Power Factor Enhancement by Inhomogeneous Distribution of Dopants in Two-Phase Nanocrystalline Systems
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In this work, we describe a novel idea that allows for high thermoelectric power factors in two-phase materials that are heavily doped with an inhomogeneous distribution of dopants. We show that a concurrent increase of the electrical conductivity and Seebeck coefficient and a consequent increase of the power factor can be achieved in such systems. To explain the concept, we employ a semiclassical one-dimensional model that considers both electron and phonon transport through a series connection of two-phases of the material. We discuss microscopic characteristics of the material and the formation of the two phases (grains and grain boundaries in our case) by the inhomogeneous distribution of dopants in the polycrystalline material. Our theoretical investigation reveals that: (1) the improvement in the Seebeck coefficient can be attributed to carrier filtering due to the energy barriers at the grain boundaries, and to the difference in the lattice thermal conductivity of the grains and grain boundaries, and (2) the improvement in the electrical conductivity is a result of a high Fermi level in the grains. This allows high energy carriers to contribute to transport, which increases the impurity scattering limited mean-free-path, and increases the conductivity in the grains and thus in the whole material. Such an unexpected concurrent increase of the electrical conductivity and the Seebeck coefficient was recently observed in heavily boron-doped polycrystalline silicon of grain sizes <100 nm in which a silicon-boride phase is formed around the grain boundaries. We provide a simple 1D model that explains the behavior of this system, indicating processes that can take place in heavily doped nanocrystalline materials.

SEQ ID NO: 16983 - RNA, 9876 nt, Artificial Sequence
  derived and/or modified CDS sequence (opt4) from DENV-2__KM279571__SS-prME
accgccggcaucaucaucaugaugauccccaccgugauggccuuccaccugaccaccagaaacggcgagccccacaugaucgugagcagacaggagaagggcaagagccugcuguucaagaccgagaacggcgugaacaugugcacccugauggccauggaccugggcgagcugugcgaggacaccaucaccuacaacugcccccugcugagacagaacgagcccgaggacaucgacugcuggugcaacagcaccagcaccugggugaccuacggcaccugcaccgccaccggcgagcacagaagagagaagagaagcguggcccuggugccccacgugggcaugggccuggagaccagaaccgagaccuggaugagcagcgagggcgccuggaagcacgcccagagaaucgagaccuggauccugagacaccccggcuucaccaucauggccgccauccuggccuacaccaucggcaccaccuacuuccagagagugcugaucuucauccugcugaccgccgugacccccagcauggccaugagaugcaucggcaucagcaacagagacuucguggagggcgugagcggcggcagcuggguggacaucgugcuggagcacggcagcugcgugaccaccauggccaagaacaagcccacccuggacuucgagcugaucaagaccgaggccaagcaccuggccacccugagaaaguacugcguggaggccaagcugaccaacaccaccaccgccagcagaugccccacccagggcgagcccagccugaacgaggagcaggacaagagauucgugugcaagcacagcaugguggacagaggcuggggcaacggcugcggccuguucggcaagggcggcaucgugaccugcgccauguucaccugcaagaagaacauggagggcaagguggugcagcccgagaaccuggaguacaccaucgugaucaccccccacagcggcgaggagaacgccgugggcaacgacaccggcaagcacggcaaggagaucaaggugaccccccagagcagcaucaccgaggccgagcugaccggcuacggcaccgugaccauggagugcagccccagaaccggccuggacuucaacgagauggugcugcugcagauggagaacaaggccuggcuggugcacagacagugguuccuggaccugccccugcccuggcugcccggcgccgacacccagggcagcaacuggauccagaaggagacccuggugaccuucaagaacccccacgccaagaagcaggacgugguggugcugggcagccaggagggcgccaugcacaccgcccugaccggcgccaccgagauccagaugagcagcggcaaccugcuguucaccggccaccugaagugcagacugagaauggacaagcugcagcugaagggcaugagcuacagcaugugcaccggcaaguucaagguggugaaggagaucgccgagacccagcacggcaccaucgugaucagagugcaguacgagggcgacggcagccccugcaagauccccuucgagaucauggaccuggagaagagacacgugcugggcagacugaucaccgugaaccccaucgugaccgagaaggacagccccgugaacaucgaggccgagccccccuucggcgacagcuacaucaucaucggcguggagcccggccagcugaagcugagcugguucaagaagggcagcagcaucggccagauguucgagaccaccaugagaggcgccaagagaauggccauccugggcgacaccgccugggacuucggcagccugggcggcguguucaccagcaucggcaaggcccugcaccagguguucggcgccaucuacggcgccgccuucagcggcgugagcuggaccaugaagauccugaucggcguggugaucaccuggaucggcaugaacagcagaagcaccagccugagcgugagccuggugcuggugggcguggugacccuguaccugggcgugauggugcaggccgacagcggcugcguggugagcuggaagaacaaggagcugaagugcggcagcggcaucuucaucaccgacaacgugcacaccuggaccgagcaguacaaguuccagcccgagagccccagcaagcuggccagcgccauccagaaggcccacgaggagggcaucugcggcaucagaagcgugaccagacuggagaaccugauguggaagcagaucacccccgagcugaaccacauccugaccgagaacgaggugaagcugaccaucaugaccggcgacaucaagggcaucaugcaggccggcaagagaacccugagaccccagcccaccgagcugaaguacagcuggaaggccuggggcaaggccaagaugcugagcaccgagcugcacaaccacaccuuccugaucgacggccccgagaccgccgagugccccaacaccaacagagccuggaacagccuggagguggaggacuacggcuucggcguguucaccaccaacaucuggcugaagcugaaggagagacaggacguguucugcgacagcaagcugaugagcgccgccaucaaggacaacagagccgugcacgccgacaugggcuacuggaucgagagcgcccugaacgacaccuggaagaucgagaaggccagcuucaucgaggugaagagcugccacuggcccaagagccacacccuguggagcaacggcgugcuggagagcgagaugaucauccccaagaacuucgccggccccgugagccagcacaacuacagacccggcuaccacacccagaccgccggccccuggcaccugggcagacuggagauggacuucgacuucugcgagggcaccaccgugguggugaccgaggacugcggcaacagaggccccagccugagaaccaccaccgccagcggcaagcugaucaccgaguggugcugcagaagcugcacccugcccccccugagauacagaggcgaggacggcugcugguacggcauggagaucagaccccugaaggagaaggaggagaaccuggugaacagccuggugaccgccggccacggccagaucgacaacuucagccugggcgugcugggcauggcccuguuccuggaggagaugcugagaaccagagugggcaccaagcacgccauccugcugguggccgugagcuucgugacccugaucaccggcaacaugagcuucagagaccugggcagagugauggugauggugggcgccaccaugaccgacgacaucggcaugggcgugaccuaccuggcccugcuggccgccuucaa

KeywordsThermoelectric transport properties thermoelectric power factor barrier nanocrystalline model
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